Cover Your Privates: What App Designers Need to Know About New Mobile Privacy Laws


If you don’t believe Edward Snowden’s actions have cast a shadow over the practice of design, you’re mistaken. For designers and programmers developing apps and other mobile media, the privacy issues he’s raised should be a top concern, particularly when it comes to how we gather user information.

Data is in demand, especially your data; the high value put on collecting it is what drives the industry. And lawmakers and regulators are taking notice. App developers who fail to disclose material information or misstate how data is used or collected risk government investigation, enforcement actions by the Federal Trade Commission (FTC) or even private lawsuits.

The FTC and the Attorney General of California recently published some “best practice” guidelines and other state lawmakers and federal agencies are sure to follow. Entrepreneurs and designers who ignore these requirements risk hefty fines as well as losing the good will of their client’s user base

If you’re just starting to develop your design, here are four basics steps to consider:

1. Create a decision-making path for building privacy into the app you’re designing.

Consider the kind of data you’ll need to gather, keeping in mind that you should only collect the most basic information necessary for the app to function as designed. Will you need to ask for non-essential or sensitive data, like names, geo-location, financial or medical information, passwords, contacts, photos, videos or information about the user’s family, including children? If so, decide on and document your policies and the data use, sharing, retention and security practices.

2. Give the user control over his/her privacy.

Provide a “special notice” and a short privacy statement and provide the user with privacy controls, i.e. the ability to control the types of data collected. Under the suggested guidelines, you should offer a general privacy policy that includes a comprehensive overview of you data collection practices that also states how it complies with any applicable laws. For example, in California, the Online Privacy Protection Act requires operators of commercial websites or online services that collect “personally identifiable information” of California residents to post privacy policies on their websites and apps. (You can read theCalifornia Attorney General’s recommendations,and the terms of the California statute regarding privacy.)

3. Make the privacy notice easy to find.

The generally short attention spans of mobile users and the limited interface size of mobile devices indicate that privacy notices are likely to be sidelined. Regulators and lawmakers are especially concerned with the “Where’s Waldo” aspect of locating privacy controls and are now scrutinizing the design of privacy notification icons. Remember, clarity is king.

4. Treat children differently.

If there’s any chance that information concerning minors will be collected, you’d better brush up on theChildren’s’ Online Privacy Protection Act (COPPA). The FTC recently issued this warning and the Association for Competitive Technology (ACT), anapp industry group,also released a suggested set of age-aware privacy app icons for use by minors. While not mandatory, the suggested icons identify the goals well-designed icons should communicate.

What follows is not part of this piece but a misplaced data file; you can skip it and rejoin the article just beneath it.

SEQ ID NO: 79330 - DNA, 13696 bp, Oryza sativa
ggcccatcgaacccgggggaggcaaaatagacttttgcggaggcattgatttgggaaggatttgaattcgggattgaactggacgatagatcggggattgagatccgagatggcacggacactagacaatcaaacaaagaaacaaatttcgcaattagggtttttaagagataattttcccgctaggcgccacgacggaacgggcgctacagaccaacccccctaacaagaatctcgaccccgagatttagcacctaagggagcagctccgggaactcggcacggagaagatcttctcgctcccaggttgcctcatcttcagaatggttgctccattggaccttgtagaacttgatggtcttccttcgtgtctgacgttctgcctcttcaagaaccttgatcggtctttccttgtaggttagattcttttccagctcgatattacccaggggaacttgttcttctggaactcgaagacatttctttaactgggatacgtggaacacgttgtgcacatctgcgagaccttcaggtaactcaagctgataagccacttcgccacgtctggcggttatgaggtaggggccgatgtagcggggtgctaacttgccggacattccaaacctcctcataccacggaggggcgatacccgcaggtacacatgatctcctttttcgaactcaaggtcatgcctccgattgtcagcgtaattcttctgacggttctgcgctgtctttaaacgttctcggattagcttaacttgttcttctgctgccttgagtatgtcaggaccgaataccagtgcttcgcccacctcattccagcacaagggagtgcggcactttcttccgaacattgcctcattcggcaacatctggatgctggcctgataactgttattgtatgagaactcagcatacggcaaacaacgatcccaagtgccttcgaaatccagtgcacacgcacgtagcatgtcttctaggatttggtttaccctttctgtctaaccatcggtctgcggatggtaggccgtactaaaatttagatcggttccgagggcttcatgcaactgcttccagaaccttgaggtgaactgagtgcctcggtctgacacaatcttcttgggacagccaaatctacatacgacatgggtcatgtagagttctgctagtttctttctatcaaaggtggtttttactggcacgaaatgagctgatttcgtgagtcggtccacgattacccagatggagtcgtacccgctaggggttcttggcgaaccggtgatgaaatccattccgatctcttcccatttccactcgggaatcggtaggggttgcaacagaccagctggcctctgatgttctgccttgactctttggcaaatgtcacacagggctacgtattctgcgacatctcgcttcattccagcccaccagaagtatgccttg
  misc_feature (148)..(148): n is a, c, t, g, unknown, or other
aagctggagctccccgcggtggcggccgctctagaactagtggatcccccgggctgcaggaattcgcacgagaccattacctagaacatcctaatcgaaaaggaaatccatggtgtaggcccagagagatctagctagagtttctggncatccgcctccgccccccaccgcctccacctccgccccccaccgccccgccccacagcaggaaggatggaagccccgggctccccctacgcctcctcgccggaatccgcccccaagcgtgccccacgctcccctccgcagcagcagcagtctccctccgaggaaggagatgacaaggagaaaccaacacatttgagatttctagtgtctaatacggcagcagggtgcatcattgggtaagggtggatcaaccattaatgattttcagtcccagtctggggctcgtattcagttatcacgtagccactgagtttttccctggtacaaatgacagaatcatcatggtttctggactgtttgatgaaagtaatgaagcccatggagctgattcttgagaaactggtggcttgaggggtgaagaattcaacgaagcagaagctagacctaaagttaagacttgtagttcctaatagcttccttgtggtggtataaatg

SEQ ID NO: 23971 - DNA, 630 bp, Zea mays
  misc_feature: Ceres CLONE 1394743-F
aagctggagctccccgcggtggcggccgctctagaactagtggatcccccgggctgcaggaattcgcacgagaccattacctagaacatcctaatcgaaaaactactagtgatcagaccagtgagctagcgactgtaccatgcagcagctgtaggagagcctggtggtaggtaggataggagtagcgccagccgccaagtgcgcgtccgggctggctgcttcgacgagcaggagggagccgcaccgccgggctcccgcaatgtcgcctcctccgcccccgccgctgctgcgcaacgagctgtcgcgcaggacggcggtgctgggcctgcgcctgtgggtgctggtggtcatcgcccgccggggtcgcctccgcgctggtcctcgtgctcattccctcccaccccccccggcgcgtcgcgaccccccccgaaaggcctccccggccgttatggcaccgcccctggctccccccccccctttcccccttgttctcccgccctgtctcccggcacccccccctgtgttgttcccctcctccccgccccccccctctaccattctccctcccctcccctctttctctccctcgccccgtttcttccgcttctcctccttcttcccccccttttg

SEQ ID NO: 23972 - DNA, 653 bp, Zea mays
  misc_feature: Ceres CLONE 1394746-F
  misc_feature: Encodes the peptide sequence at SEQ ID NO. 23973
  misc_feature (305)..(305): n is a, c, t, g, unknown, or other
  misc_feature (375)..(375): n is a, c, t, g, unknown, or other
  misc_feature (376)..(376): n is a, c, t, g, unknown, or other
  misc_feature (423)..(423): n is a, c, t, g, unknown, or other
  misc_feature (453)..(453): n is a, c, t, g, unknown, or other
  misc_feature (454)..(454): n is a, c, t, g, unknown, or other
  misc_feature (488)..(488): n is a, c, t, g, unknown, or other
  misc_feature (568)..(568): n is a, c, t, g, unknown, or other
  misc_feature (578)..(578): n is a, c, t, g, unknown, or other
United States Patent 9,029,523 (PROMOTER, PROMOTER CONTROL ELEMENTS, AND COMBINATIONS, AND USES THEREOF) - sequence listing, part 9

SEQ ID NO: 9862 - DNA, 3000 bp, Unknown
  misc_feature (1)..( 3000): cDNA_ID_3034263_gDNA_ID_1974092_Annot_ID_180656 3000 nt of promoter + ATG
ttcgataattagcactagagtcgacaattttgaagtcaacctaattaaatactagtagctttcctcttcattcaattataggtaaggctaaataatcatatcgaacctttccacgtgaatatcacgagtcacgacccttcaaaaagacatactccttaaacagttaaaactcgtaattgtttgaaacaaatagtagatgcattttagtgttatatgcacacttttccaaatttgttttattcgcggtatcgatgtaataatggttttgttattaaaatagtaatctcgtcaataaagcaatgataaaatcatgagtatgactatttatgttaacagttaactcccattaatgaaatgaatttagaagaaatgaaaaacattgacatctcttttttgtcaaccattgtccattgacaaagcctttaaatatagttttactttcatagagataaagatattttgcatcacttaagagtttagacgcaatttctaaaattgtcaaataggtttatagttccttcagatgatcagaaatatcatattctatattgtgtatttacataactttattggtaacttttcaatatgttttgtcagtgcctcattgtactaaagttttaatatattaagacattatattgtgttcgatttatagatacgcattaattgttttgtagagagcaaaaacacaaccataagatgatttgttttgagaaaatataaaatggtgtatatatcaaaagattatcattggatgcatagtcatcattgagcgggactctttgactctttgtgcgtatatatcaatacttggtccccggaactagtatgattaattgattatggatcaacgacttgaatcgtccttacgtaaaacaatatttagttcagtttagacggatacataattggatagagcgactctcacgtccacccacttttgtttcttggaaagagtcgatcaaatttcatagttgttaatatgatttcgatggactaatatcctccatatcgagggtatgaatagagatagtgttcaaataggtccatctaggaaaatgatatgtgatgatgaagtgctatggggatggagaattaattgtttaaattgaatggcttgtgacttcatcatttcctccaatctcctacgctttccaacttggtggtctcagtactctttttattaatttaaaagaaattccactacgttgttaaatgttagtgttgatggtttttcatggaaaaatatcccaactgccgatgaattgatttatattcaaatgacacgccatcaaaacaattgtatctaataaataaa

How are designers responding to these changes? Two different dashboard approaches have emerged and, unsurprisingly, they tend to be associated with the most successful mobile operating systems, iOS and Android.

Apple has placed a privacy settings tab that contains entries corresponding to important types of data such as geolocation, contacts, calendar and photos.


In contrast, the Android dashboard is a little more convoluted, but it still provides the essential tools.


Icons are key here for helping users navigate their privacy settings. Standards for their use are only just emerging and are likely to evolve over the next few years (though for now they’re noticeably similar to nutrition labels). For designers, the lack of a uniform set of icon standards is one of the biggest challenges. Still, graphic standards within specific types of apps and across different operating systems do exist. And until we have a master list to work from, remember that clarity and giving notice to the user that their data is being accessed is just as (if not more than) important as aesthetics.

About the Author:

Frank Martinez, a former designer and Design Patent Examiner, founded The Martinez Group PLLC in 2008. Frank earned a BFA in Fine Art from Pratt Institute in New York. He served as Production Director for Landor Associates in New York prior to attending law school. Frank, after having been a Design Patent Examiner at the U.S. Patent and Trademark Office, has worked closely with design professionals for many years in both design and legal capacities. Frank Martinez by reason of his experiences understands firsthand the business and intellectual property issues faced by designers. Frank is also an Adjunct Professor at The School of Visual Art,  in the Designer as Entrepreneur MFA Design Program, where he teaches Intellectual Property and the Law.